"A Choice of Gods" by Clifford D. Simak (1972)
"He did not like the idea of visiting the robot installation, he recoiled against the robot, Hezekiah, riding in a canoe, sharing even temporarily this ancient way of life, but Jason was quite right - it was the only thing to do, it was the only chance they had."
Clifford Simak wrote a whole mess of books. Some of these I've read. Others I haven't read. Almost none of them I remember. As sci-fi authors go he's strictly B-grade, perhaps worthwhile if you want to read some random book about robots and spaceships, but certainly not worth the effort if you're looking for something that makes you think.
"A Choice of Gods" has something to do with some kind of alien intelligence, discovered at the far reaches of the galaxy. Then there's some kind of disappearance, wherein most of the (bad) people are magically transported to a galaxy far, far away. Those left on earth develop the ability to not only teleport but also to communicate telepathically. Meanwhile the Native Americans go back to being idealized Native Americans, in tune with the Earth in some way that white guys will never understand.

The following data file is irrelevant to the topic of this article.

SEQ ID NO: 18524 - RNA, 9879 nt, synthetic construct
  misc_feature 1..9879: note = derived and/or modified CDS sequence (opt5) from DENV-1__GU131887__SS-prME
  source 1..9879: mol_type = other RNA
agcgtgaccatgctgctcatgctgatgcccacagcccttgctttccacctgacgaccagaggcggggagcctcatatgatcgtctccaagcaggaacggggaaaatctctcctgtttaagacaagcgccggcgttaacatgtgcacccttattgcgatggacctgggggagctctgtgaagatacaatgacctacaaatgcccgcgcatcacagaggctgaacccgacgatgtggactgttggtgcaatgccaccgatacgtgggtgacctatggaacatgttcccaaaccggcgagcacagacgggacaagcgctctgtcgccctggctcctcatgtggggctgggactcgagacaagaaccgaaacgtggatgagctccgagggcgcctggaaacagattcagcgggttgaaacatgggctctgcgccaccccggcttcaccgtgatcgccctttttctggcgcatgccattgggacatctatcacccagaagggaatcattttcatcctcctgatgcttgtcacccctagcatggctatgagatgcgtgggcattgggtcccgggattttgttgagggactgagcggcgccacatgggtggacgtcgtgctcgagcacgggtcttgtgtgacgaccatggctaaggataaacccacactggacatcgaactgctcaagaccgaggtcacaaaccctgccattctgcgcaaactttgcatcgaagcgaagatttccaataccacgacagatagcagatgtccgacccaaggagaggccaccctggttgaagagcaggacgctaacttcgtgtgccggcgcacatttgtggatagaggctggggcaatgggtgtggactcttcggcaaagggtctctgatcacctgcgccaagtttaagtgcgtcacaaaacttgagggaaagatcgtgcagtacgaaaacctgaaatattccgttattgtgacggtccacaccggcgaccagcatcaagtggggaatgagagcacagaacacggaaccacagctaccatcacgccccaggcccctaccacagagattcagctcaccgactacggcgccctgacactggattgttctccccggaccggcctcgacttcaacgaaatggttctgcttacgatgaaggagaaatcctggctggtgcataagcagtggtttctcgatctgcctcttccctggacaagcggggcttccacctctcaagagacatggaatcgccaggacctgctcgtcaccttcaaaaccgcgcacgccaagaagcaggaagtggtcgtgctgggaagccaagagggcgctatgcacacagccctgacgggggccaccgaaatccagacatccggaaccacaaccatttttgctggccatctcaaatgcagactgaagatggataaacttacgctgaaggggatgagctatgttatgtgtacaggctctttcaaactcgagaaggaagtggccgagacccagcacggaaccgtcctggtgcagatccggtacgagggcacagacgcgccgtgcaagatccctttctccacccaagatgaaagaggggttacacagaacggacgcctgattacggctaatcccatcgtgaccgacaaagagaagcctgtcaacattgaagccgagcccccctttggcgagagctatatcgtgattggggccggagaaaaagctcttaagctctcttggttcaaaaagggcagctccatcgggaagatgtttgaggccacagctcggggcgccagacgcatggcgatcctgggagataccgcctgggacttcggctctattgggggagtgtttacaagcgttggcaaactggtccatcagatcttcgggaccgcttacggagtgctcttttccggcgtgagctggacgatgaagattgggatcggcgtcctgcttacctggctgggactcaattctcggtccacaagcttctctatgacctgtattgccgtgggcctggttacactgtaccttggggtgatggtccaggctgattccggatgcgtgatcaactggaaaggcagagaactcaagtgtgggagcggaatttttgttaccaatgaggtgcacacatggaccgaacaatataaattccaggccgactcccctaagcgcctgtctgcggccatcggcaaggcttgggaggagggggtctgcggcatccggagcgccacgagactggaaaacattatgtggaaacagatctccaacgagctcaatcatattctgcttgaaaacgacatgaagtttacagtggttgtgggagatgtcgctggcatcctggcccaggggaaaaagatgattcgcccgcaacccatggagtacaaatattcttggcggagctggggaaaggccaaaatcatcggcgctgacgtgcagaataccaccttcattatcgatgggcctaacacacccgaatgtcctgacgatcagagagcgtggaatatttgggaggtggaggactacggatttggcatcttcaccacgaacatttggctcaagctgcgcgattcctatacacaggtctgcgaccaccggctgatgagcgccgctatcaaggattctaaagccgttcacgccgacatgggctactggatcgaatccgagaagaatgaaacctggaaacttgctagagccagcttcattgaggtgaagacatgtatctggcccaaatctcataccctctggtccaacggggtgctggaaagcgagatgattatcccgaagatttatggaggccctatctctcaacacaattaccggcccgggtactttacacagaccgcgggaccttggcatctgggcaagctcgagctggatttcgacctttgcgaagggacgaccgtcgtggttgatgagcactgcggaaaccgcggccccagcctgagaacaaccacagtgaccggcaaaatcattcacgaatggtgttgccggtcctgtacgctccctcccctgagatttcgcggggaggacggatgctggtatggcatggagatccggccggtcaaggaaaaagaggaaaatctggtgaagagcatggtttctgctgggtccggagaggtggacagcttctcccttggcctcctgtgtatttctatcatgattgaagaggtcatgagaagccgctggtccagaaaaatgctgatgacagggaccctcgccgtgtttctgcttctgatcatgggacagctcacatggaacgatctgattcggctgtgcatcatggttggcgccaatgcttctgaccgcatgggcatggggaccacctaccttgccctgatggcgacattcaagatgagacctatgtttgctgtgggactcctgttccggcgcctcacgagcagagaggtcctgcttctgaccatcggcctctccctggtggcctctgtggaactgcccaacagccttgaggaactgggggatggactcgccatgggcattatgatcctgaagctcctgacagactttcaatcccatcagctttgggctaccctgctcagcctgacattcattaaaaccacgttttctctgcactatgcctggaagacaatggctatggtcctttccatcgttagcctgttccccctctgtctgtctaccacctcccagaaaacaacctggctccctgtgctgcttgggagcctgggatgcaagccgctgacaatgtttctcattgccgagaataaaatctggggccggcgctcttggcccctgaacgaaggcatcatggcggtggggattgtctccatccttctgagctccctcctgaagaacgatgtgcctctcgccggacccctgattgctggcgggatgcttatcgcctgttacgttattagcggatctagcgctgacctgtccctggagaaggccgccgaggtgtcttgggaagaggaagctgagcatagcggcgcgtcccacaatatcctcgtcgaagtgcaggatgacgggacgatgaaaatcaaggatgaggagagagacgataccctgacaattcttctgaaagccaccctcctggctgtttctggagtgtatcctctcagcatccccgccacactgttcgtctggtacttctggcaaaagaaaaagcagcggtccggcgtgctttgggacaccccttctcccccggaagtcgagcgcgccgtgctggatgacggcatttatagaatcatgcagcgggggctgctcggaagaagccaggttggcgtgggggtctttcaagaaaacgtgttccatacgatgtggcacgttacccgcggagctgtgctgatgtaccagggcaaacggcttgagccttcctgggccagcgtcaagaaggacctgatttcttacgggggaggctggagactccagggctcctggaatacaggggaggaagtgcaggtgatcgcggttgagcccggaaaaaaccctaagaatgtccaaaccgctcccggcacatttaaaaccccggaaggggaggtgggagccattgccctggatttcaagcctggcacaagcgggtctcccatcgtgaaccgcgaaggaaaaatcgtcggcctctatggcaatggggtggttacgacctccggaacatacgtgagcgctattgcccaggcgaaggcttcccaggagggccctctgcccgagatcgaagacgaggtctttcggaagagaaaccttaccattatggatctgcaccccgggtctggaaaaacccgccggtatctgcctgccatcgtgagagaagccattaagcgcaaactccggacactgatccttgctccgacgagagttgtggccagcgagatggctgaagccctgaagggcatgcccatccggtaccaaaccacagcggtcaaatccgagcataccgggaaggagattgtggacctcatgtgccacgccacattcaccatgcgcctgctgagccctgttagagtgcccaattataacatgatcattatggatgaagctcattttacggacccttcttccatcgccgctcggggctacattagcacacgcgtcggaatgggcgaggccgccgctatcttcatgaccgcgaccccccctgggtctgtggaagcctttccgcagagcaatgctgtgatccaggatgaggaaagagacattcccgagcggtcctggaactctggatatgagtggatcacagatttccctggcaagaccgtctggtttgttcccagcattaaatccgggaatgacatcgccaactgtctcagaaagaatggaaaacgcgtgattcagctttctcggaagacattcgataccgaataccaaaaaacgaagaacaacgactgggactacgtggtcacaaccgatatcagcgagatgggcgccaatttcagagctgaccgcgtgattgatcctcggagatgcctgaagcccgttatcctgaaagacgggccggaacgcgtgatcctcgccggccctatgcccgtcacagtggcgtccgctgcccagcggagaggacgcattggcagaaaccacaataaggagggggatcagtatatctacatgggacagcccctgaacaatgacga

The above paragraph is about as coherent I can be on the subject of this book. Beyond that the plot really doesn't make a lot of sense, and as it progressed I began to dislike the protagonists more and more. There was a point at the end where the main character was saying something like, "We're telepaths, and we're better than you, so you guys need to go back into space!" and I wanted to tell him to go fuck himself.
In my humble opinion, the real problem with Clifford Simak was the fact that he was a science fiction author who never held any sympathy for science. He is constantly extolling the virtues of a small town (or rural) existence to the detriment of "progress." In his heart of hearts, Simak didn't really want to see a technologically advanced future. He didn't think that science could solve everyday problems, or the dilemmas of human existence. He wanted to bury his head in Americana.
And all of that would have been fine - IF he'd been writing books about life in small town America. But somehow he got stuck (or he stuck himself) as a science fiction writer, and from that point on he was condemned to explore and elaborate upon a genre he never really believed in.
Oh, and by the way, the title of this novel has almost nothing to do with the story. I can think of no point in the narrative where anyone is choosing any kind of god, or where any god presents itself for the choosing. It's a mess, for sure.